Fifteen Years Ago
Her father fell in love with a God of the Sea.
The god’s name was Osidisen, and her parents named Kissen and her brothers in honour of his attention: Tidean, “on the tide”; Lunsen, “moon on water”; Mellsenro, “the rolling rocks.” And, finally, Kissenna, “born on the love of the sea.” Osidisen filled their nets with fish, taught them when to ride a storm and when to hide, and brought them safe home with their catch each day. Kissen and her family grew up in the sea’s favour.
But the sea god didn’t bring fortune to the lands of Talicia. Eventually, the villages on the hills were enticed by a god of fire, Hseth, and her promises of riches.
Everyone wanted the wealth of the fire lovers. In Hseth’s name the Talicians burned their boats and felled their forests to forge weapons, heat brass, and make great bells which rang from sea cliff to mountain border. Osidisen’s waters emptied, and smoke rose over the land. Soon other, darker stories of violence spread from town to village: sacrifices, hunts, and purges in the fire god’s name, enemies and old families burned for the fire god’s pleasure.
One night, the night after Mellsenro’s twelfth birthday, when his fingers were inked with his name, eleven-year-old Kissen woke to smoke, strangely thick and sweet smelling. It scratched at her throat.
She came to, and realised she was being carried by men with cloths tied over their mouths, their faces daubed with coal dust, and bells shining in their hair like little lamps. Kissen’s limbs wouldn’t move, and her chest was heavy as if dreams still lay on it. The sweet smoke, she recognised it: a sleeping drug made by burning sless seeds, along with other scents she didn’t know. Below her house, the sea was lashing at the cliffs. Osidisen was angry.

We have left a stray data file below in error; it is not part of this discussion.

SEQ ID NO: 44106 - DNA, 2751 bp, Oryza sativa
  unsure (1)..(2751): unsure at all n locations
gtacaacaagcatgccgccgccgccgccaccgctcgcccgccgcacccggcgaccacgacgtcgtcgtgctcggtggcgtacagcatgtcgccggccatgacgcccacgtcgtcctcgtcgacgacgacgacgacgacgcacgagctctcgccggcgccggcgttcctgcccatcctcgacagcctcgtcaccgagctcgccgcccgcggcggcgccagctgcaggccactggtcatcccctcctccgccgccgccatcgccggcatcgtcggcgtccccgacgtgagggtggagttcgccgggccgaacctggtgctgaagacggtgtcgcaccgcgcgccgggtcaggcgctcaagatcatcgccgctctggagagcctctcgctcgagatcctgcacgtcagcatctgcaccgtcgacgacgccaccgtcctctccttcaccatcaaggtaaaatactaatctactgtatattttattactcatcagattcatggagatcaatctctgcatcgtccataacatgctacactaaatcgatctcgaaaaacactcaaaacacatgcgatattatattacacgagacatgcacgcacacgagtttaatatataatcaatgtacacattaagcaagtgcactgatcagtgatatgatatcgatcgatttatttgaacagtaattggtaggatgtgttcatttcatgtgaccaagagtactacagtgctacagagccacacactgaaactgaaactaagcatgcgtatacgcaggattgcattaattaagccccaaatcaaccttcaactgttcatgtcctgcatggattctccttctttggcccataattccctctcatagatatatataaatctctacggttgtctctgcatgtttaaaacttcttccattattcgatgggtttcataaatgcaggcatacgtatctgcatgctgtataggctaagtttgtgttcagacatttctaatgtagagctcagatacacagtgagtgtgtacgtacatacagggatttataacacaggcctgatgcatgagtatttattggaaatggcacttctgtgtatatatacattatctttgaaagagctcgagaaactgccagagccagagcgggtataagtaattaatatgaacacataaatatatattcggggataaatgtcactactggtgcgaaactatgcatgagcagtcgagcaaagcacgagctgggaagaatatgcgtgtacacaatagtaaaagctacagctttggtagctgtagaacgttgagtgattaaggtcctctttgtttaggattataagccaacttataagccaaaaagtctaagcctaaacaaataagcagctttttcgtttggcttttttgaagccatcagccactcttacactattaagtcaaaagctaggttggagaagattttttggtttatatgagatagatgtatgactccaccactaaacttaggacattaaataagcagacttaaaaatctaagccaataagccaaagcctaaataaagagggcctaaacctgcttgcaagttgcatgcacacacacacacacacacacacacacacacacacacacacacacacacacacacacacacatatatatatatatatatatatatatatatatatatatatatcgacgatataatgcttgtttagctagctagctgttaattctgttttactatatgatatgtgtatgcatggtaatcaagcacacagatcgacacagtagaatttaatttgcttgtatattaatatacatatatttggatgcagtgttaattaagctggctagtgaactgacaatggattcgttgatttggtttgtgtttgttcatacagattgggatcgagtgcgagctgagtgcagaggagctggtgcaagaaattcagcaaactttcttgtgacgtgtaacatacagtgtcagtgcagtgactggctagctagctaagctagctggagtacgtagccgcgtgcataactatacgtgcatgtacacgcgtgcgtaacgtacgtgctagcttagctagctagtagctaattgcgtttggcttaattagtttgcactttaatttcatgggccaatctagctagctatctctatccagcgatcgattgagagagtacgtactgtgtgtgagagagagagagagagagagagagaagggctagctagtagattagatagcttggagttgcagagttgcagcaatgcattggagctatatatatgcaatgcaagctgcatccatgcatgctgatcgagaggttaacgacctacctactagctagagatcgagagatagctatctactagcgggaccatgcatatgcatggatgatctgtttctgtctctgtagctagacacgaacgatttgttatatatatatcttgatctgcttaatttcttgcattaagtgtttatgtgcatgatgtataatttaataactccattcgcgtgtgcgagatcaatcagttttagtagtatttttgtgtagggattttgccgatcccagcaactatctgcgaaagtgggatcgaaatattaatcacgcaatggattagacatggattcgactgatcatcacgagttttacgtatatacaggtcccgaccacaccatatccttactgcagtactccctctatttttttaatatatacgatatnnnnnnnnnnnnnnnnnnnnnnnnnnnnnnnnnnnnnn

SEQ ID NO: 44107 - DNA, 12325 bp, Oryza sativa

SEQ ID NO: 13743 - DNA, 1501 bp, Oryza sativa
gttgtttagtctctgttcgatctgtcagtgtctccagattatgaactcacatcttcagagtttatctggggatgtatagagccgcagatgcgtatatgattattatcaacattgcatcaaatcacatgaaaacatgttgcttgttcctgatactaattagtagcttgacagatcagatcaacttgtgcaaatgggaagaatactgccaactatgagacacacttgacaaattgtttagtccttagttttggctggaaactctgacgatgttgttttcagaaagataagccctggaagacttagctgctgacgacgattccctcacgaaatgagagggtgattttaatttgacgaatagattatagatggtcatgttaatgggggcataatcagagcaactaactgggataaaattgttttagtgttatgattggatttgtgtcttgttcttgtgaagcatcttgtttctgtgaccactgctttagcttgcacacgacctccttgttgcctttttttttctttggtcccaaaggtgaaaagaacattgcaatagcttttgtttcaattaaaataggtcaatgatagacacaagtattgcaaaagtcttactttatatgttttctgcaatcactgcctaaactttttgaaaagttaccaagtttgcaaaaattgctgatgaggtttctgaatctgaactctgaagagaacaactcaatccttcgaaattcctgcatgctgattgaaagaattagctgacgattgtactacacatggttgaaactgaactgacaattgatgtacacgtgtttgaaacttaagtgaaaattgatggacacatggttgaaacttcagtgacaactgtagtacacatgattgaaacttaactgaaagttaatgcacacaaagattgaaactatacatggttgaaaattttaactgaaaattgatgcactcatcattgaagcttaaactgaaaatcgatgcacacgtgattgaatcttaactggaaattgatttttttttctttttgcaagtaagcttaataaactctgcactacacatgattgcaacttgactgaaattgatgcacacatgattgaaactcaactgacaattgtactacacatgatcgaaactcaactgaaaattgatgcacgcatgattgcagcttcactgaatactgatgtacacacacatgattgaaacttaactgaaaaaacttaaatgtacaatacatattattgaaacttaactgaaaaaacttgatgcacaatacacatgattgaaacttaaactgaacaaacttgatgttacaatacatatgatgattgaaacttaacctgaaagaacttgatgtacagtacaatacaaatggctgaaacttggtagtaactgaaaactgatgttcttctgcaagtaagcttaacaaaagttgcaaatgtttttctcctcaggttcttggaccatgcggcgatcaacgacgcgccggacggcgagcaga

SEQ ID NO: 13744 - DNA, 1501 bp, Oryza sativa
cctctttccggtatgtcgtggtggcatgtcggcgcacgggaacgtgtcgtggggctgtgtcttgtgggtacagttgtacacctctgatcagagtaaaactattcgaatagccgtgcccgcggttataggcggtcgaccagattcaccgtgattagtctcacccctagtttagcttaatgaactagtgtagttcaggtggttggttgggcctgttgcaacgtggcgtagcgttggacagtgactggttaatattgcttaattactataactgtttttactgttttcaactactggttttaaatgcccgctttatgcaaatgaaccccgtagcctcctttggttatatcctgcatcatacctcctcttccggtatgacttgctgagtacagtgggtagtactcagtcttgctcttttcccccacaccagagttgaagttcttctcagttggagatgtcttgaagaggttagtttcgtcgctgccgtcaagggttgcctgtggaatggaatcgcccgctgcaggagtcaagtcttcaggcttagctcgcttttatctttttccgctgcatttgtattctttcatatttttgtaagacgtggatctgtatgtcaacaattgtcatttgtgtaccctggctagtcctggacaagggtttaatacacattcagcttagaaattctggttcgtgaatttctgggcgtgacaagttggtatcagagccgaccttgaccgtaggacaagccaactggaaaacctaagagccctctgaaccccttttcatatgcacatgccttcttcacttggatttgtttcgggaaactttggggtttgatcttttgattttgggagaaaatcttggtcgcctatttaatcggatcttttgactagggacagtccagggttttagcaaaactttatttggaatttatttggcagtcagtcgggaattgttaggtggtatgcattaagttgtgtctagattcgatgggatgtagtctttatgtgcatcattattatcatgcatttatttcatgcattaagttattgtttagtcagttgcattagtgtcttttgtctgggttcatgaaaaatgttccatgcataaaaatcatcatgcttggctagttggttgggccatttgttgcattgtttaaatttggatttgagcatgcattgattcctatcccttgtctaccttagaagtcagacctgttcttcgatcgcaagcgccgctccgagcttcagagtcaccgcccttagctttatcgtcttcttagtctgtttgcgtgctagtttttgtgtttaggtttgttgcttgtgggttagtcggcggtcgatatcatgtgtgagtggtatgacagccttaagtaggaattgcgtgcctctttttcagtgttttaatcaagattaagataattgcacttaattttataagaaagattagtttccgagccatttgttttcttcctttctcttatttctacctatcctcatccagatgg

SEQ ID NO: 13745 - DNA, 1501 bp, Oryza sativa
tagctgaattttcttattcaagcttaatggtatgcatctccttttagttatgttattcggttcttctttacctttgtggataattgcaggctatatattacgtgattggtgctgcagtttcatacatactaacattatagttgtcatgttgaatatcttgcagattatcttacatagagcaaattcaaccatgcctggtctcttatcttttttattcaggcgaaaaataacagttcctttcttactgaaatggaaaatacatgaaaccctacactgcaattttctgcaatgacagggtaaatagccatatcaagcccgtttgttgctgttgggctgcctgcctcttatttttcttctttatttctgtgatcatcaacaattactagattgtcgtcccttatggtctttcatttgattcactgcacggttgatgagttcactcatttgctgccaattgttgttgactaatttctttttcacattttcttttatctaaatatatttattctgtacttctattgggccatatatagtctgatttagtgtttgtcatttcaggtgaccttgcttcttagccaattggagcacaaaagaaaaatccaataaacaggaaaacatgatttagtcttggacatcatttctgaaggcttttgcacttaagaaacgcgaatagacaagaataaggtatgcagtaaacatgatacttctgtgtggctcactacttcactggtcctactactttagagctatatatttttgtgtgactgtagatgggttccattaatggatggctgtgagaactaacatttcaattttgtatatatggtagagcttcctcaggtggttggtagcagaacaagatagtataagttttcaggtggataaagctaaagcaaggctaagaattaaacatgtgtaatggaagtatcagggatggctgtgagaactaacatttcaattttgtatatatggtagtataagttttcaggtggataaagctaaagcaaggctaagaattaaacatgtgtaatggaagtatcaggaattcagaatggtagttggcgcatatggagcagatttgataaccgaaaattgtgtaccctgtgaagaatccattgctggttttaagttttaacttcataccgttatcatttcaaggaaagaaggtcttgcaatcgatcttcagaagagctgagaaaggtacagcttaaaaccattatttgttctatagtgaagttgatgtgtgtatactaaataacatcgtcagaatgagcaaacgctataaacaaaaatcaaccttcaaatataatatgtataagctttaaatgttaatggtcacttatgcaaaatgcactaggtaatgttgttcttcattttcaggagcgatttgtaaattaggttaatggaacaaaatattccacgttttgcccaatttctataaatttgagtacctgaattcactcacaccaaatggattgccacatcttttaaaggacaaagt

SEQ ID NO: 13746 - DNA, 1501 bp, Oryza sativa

She tried to speak, but her mouth wouldn’t work, her tongue sticking against her cheek. Her head flopped to one side, and she saw Mell too, his fresh-inked hand dragging along the floor.
“Mmmelll,” Kissen tried again, but her brother didn’t stir. The drug smoke was seeping through the shutters, through the walls. It hung in the air.
“Quiet,” said one of the men holding her, giving her a shake. She knew that voice, those smudge-green eyes.
“N-Naro?” Kissenna asked, her voice a little stronger now. The waves crashed outside, and the smoke stirred as some sea wind forced its way through the cracks in the wattled walls. She felt a fresh bite of salt air across her face, on her lips. Her head cleared a little. Naro glanced at her, panic in his eyes.
“They said they wouldn’t wake yet,” he said through his mask. “Hurry.” The other voice she recognised too. Mit, Naro’s brother-in-law. The masks were protecting them from the drug. “Hurry!”
They were carrying her deeper into the house, to the hearth at its centre. “What are you doing?” Kissen asked, her voice thick but clear. Her body still wouldn’t move.
They reached the hearth, a round stone beneath the thatch roof which opened to the sky so smoke could escape. Around the embers of their evening’s fire, a tangled cage had been set, in the shape of a bell, forged out of driftwood and metal. Her parents were already bound to its outer edges. Her brothers were being tied: ankle, ankle, arms, neck. Offerings. Kissen was the last.